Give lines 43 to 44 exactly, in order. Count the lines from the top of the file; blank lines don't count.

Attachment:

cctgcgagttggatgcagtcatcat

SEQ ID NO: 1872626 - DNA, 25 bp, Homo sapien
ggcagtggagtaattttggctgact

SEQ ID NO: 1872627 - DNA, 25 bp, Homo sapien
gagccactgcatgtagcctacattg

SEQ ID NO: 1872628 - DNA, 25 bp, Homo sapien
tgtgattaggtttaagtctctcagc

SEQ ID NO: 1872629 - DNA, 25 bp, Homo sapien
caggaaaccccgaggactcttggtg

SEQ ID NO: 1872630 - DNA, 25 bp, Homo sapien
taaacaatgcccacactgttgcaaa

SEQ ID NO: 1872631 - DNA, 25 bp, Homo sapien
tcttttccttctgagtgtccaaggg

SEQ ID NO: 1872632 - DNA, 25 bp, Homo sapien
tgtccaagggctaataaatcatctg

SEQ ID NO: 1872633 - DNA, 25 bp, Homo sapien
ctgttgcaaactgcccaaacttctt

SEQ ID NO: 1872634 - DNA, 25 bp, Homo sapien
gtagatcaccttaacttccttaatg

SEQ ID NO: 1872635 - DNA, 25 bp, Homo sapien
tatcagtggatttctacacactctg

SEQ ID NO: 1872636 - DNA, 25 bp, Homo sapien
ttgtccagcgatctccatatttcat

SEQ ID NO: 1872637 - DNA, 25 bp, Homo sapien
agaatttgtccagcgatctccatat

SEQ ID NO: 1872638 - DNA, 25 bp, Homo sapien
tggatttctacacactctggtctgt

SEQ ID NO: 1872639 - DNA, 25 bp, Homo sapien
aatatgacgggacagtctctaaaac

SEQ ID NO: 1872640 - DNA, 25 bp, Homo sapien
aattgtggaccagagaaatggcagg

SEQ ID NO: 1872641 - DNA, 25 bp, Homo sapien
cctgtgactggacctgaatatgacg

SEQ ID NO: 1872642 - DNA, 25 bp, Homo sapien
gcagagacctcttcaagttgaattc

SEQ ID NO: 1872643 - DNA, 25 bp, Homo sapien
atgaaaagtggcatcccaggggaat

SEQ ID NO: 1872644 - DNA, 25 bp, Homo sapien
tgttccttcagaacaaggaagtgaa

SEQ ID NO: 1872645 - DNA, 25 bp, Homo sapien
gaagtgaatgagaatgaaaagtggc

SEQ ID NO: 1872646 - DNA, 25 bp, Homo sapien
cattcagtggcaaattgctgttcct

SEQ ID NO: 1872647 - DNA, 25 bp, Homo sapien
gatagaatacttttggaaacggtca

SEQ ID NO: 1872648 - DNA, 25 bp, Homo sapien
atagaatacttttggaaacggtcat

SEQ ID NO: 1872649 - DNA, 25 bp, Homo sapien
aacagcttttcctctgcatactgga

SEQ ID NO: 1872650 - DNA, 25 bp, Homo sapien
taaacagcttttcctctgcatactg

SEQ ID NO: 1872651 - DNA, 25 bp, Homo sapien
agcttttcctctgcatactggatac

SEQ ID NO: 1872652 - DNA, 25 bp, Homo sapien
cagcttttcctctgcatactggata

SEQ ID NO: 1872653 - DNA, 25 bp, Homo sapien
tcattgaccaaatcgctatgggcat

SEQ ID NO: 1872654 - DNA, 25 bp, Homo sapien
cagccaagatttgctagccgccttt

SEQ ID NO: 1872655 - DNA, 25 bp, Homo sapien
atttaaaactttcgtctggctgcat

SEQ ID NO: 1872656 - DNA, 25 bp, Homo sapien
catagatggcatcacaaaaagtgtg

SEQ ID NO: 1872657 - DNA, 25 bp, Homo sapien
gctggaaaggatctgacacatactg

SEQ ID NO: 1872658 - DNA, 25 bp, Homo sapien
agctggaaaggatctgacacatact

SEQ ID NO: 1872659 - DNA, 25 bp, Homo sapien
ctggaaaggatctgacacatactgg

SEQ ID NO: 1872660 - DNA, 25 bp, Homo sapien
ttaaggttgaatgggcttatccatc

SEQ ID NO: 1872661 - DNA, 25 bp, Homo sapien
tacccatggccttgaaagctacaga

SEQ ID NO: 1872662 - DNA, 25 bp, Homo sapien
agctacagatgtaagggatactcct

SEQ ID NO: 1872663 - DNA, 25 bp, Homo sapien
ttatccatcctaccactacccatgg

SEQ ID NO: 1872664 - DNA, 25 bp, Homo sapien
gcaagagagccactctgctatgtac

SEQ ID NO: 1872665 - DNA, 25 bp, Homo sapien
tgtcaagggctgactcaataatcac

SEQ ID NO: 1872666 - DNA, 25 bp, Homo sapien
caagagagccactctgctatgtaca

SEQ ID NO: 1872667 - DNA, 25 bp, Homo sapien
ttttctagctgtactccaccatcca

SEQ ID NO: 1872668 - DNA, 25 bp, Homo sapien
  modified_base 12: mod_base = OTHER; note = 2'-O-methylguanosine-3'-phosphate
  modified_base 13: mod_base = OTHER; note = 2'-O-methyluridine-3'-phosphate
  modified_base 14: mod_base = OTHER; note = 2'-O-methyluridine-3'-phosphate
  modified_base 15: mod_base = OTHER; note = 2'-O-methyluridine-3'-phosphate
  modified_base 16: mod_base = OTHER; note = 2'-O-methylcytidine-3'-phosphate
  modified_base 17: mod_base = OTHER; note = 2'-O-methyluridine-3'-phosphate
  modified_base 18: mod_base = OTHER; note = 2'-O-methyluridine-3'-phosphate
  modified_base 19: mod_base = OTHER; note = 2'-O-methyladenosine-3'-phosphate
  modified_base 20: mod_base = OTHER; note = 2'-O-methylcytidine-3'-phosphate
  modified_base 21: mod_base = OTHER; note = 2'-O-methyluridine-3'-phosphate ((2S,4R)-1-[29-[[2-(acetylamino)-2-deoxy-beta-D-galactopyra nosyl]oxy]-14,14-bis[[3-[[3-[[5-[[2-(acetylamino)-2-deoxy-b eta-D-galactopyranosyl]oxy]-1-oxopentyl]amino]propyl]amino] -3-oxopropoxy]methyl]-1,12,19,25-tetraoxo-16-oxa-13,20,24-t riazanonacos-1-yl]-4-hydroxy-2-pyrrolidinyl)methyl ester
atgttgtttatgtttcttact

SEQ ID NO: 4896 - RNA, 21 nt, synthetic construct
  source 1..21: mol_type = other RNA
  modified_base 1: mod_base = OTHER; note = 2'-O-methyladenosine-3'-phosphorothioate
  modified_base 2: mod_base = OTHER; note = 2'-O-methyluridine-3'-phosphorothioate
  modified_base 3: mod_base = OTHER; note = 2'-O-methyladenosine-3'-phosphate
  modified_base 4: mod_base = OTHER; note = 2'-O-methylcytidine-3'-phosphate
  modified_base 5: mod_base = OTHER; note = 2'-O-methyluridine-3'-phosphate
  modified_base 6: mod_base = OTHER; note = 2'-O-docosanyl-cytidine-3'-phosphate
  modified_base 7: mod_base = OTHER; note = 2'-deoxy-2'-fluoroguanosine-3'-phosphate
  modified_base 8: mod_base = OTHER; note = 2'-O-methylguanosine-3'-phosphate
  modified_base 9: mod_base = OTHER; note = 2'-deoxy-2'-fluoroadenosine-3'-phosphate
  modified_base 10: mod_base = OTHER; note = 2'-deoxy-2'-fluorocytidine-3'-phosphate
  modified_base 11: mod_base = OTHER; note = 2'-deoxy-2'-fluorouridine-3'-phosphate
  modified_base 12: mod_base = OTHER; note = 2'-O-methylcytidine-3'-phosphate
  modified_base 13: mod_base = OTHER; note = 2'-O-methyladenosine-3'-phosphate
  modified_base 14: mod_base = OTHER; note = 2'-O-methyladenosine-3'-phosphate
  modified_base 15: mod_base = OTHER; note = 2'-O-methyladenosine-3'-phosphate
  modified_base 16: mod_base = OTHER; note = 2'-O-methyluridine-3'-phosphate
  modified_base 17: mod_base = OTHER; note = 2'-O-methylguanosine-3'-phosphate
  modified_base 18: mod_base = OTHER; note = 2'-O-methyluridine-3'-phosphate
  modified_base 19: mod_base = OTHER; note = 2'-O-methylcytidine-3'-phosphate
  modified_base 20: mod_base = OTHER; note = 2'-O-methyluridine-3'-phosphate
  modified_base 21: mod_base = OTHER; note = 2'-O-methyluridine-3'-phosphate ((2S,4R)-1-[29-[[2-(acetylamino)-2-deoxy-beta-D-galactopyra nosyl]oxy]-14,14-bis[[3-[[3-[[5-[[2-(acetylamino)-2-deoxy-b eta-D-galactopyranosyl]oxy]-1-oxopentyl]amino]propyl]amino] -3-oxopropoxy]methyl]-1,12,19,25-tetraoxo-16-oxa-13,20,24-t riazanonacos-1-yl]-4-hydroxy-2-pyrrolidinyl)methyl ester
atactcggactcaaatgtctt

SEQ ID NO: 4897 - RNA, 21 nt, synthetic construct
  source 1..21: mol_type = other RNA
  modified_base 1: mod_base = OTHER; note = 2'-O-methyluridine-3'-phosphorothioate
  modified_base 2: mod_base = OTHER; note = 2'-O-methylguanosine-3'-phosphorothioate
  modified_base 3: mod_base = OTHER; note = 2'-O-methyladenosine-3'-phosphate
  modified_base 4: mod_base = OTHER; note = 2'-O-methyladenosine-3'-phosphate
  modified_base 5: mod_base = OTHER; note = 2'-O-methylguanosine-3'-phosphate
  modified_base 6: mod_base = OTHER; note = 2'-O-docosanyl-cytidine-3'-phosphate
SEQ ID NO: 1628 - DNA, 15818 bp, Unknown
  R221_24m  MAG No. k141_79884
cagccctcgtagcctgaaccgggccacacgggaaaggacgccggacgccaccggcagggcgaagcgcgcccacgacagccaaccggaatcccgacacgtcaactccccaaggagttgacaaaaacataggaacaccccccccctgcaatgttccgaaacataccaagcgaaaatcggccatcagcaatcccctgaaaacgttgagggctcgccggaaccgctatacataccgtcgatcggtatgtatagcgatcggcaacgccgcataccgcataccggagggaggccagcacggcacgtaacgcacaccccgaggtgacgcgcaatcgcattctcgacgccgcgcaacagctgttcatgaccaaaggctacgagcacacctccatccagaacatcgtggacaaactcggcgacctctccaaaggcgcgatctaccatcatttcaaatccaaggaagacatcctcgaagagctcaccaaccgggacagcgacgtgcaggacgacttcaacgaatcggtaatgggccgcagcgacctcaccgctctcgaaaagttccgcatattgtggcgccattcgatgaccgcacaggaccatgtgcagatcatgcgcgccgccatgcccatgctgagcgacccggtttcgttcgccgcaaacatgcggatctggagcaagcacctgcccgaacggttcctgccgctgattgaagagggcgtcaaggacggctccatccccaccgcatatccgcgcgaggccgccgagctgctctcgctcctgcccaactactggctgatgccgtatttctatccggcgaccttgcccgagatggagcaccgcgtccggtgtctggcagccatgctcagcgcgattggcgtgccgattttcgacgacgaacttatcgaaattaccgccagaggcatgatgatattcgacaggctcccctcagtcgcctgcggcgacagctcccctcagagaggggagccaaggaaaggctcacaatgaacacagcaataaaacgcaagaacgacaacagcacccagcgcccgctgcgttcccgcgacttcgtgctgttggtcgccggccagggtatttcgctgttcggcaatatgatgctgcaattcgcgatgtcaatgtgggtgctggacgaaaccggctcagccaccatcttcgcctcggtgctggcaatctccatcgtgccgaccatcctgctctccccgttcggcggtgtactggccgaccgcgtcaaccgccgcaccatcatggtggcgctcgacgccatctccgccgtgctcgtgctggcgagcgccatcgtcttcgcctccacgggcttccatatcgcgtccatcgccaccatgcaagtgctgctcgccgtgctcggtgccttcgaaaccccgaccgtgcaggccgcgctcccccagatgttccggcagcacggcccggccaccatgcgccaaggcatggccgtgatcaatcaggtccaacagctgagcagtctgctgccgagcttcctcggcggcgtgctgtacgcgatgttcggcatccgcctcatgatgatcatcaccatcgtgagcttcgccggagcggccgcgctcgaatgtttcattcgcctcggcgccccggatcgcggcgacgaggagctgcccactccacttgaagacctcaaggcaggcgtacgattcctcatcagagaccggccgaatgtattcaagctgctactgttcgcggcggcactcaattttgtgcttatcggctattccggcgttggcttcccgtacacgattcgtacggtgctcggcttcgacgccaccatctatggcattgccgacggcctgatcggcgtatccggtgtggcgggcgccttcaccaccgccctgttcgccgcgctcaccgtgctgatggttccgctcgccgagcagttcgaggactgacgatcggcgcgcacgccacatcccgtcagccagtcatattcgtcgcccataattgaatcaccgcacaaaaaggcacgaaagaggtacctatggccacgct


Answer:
cattcagtggcaaattgctgttcct

SEQ ID NO: 1872647 - DNA, 25 bp, Homo sapien